Reflecting on history
While there are no recent events to highlight, we are spotlighting some excerpts from “Palm Harbor by the Decades: The Early Years,” remarks delivered several years ago at an annual membership meeting of the Palm Harbor Historical Society. This account will be continued in the July Beacon.
“As we look at the history of the northern Pinellas peninsula, we must remember that the history of human settlement spans thousands of years. Although the Armed Occupation Act of 1842 brought some homesteaders to areas of the central and lower Pinellas peninsula, much of the Palm Harbor area remained unsettled. This did not mean, however, that human footprints could not be found. Members of the McMullen, Booth, and the handful of other pioneer families during the antebellum period certainly allowed their cattle to graze on the lands south of Lake Tarpon, and no fences inhibited the travel of these animals as they roamed from the Curlew area over to Old Tampa Bay.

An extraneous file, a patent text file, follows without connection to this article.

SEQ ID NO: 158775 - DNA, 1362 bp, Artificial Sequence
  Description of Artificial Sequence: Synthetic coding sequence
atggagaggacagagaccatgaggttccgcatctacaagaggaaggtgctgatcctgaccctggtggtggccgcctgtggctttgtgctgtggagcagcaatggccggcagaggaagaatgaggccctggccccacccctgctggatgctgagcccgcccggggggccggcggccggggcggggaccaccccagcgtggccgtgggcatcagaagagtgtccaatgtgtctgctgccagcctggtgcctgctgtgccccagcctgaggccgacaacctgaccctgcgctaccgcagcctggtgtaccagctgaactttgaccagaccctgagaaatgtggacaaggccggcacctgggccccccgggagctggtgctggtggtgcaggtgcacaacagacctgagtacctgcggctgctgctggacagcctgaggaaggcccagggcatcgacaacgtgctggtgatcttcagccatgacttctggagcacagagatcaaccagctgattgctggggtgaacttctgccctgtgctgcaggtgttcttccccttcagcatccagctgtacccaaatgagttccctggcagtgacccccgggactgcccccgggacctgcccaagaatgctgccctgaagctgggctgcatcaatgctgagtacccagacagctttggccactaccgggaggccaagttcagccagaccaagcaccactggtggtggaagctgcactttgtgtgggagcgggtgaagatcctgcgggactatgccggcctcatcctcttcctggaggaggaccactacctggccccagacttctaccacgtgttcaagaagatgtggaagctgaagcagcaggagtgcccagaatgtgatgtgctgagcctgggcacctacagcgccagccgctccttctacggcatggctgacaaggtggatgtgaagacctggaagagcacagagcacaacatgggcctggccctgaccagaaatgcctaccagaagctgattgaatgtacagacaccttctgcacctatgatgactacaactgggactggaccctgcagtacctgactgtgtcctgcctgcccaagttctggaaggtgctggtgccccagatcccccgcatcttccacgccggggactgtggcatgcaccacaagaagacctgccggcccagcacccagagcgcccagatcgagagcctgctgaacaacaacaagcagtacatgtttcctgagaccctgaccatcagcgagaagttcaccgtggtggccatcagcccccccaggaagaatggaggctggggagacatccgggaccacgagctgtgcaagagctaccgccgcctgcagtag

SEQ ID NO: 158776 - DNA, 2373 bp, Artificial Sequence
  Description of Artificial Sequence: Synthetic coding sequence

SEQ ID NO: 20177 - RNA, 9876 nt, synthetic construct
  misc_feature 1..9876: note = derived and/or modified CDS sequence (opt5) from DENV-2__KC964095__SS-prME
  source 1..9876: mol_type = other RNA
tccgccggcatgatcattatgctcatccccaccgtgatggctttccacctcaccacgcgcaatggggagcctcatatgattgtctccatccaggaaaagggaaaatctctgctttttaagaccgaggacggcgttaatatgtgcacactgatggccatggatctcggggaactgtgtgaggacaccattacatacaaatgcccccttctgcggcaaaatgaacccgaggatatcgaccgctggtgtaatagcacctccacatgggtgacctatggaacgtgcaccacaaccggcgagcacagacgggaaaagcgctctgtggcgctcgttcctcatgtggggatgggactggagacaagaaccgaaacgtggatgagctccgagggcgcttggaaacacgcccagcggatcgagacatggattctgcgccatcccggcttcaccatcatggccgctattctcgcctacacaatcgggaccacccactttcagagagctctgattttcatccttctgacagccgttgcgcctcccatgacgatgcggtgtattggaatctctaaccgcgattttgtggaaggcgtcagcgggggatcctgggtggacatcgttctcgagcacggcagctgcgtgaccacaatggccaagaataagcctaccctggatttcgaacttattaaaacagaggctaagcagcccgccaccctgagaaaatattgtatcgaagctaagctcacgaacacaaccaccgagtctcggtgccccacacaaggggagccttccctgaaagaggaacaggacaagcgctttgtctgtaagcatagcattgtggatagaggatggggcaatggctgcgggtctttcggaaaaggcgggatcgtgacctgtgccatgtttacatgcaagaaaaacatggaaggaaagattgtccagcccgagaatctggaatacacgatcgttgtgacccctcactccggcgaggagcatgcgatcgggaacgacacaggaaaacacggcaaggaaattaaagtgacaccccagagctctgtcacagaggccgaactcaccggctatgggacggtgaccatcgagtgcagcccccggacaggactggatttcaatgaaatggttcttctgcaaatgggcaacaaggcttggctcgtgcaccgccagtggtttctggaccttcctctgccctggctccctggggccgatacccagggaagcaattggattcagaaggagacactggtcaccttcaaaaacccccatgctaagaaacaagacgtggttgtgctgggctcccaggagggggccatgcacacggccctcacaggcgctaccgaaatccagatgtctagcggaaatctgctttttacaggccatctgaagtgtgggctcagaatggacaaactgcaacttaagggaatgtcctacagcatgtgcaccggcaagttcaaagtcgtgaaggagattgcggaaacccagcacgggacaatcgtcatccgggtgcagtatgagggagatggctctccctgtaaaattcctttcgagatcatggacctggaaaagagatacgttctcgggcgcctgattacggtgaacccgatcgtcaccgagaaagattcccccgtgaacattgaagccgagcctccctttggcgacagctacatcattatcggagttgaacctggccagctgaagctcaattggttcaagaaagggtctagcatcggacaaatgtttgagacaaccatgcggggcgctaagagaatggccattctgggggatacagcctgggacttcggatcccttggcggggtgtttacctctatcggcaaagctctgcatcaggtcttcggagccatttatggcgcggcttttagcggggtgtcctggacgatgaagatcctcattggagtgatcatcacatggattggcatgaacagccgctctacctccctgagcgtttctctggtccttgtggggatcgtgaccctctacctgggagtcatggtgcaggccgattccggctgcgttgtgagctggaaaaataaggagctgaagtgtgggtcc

“William Lawrence Thompson and his wife, Julia Holland Thompson, came to the area from Levy County and generally are considered the earliest permanent settlers of the Palm Harbor area. They settled into a log cabin with a dogtrot breezeway by the early 1860s, around or immediately after the Civil War. Their daughter married J.W. Alderman in November 1884. Alderman came to the area from Leesburg. Henry Tinney came to the area of Ozona during the same time period. William Frederick Nigels, an 1832 native of what is now Germany who came to South Carolina in 1855 and fought for the Confederacy, arrived sometime between 1865 and 1867, homesteading near present-day County Road 1, a place where he began to grow citrus. His son, David Arthur Nigels, born in 1869, homesteaded on land near his father.